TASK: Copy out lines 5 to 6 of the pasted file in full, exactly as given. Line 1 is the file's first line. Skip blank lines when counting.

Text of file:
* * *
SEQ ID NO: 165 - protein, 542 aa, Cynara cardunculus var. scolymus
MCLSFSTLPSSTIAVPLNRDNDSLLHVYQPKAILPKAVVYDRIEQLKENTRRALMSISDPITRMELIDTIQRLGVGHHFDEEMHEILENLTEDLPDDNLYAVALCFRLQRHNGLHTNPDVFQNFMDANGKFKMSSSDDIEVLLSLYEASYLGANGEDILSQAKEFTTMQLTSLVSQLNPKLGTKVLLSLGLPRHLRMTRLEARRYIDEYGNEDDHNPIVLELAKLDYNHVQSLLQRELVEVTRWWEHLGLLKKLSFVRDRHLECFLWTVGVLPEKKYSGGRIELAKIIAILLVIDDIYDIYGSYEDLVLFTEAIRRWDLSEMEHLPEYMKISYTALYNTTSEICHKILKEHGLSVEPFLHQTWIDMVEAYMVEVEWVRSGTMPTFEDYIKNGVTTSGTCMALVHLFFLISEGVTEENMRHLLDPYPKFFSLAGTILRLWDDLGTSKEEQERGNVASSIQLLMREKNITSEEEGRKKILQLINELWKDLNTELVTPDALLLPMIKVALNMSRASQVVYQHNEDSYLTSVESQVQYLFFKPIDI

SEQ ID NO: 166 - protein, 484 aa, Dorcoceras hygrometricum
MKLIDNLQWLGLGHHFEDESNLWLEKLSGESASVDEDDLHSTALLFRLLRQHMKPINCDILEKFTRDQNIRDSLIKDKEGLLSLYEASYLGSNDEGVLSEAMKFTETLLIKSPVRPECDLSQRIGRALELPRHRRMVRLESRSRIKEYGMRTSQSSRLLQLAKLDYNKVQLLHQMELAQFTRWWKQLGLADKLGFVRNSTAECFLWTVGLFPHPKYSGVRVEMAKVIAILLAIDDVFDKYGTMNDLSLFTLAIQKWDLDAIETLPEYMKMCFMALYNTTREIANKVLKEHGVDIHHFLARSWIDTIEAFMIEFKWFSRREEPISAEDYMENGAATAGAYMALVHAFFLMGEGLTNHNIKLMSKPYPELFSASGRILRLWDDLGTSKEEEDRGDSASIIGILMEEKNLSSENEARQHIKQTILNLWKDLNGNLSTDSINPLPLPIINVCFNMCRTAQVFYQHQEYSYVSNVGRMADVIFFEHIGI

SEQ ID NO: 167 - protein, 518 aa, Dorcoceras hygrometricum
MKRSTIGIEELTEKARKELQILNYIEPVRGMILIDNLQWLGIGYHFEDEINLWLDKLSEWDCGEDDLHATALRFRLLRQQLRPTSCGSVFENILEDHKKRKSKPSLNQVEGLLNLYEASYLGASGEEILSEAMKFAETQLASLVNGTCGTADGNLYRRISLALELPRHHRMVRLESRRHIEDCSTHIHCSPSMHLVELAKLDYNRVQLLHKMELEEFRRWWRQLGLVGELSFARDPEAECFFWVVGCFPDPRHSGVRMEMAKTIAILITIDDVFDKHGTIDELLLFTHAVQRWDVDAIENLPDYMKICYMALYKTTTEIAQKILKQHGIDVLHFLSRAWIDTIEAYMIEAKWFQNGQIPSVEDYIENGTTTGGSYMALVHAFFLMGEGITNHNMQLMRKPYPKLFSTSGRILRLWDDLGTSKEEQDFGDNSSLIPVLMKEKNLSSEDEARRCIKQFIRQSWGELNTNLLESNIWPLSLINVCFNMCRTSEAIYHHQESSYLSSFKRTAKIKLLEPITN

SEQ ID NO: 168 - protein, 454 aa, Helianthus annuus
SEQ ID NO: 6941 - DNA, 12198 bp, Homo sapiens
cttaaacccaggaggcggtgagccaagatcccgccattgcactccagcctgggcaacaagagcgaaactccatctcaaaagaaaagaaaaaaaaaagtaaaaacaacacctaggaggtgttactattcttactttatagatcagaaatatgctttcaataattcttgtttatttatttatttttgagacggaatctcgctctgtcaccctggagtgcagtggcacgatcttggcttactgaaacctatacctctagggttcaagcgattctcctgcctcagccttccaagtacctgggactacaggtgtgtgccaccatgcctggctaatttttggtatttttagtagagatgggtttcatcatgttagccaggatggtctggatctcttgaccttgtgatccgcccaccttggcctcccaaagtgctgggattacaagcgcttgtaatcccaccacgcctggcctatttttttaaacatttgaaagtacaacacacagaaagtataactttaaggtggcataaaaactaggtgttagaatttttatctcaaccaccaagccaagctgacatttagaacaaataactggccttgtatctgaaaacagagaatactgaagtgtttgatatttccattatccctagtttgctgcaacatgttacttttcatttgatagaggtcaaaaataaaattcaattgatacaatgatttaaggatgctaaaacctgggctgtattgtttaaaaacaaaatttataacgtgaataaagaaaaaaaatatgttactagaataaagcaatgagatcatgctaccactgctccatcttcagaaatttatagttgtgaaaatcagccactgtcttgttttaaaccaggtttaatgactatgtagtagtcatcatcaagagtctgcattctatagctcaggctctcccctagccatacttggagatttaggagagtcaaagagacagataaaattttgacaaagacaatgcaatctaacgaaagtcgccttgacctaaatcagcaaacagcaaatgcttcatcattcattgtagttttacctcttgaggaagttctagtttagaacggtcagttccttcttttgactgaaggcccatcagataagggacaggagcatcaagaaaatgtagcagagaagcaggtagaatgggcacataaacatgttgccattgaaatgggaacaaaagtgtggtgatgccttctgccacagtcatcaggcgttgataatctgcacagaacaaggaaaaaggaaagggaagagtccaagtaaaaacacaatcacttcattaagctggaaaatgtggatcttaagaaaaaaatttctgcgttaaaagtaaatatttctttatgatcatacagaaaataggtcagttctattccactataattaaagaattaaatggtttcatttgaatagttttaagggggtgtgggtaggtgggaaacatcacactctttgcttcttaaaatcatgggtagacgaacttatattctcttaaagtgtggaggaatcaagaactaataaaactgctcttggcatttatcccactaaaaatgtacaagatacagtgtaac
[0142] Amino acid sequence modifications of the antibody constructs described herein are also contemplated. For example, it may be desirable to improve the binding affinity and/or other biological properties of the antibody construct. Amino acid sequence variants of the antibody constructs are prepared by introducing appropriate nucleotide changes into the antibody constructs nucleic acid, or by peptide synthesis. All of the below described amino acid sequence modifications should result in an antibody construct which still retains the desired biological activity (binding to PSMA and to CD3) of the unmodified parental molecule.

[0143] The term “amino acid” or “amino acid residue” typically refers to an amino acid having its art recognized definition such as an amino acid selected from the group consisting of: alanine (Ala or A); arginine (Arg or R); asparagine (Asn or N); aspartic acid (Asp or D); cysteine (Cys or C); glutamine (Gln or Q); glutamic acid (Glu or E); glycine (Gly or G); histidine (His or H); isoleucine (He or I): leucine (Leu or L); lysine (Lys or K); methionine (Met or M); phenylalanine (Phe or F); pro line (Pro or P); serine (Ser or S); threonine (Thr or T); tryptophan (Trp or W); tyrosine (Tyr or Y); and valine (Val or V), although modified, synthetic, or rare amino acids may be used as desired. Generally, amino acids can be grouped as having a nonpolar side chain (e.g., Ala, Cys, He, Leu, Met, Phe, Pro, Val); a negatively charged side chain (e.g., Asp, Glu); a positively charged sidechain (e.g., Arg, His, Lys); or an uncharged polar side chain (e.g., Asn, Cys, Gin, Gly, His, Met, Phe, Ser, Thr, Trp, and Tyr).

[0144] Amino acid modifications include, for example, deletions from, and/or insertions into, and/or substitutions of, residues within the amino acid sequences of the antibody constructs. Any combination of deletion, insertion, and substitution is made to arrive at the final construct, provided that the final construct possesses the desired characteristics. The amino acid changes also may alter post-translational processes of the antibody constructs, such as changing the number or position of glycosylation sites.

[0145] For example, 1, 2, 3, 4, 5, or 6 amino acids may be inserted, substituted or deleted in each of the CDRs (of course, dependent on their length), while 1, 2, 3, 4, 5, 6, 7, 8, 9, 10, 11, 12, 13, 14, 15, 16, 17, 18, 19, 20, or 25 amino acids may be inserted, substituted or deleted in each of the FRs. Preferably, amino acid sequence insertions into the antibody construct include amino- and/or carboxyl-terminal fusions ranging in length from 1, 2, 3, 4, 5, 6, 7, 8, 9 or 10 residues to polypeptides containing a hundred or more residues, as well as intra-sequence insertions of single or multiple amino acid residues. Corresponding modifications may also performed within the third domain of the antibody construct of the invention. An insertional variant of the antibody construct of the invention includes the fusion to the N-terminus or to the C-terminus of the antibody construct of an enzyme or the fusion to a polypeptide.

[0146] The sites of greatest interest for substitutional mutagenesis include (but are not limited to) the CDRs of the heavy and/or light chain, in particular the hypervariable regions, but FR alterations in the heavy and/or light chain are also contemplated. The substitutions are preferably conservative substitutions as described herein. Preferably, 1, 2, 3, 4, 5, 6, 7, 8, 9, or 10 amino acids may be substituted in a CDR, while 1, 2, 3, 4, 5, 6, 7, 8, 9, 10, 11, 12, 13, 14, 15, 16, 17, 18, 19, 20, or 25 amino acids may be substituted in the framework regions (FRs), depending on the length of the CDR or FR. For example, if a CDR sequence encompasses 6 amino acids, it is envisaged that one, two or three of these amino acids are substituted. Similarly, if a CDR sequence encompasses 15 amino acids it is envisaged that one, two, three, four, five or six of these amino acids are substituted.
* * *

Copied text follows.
SEQ ID NO: 167 - protein, 518 aa, Dorcoceras hygrometricum
MKRSTIGIEELTEKARKELQILNYIEPVRGMILIDNLQWLGIGYHFEDEINLWLDKLSEWDCGEDDLHATALRFRLLRQQLRPTSCGSVFENILEDHKKRKSKPSLNQVEGLLNLYEASYLGASGEEILSEAMKFAETQLASLVNGTCGTADGNLYRRISLALELPRHHRMVRLESRRHIEDCSTHIHCSPSMHLVELAKLDYNRVQLLHKMELEEFRRWWRQLGLVGELSFARDPEAECFFWVVGCFPDPRHSGVRMEMAKTIAILITIDDVFDKHGTIDELLLFTHAVQRWDVDAIENLPDYMKICYMALYKTTTEIAQKILKQHGIDVLHFLSRAWIDTIEAYMIEAKWFQNGQIPSVEDYIENGTTTGGSYMALVHAFFLMGEGITNHNMQLMRKPYPKLFSTSGRILRLWDDLGTSKEEQDFGDNSSLIPVLMKEKNLSSEDEARRCIKQFIRQSWGELNTNLLESNIWPLSLINVCFNMCRTSEAIYHHQESSYLSSFKRTAKIKLLEPITN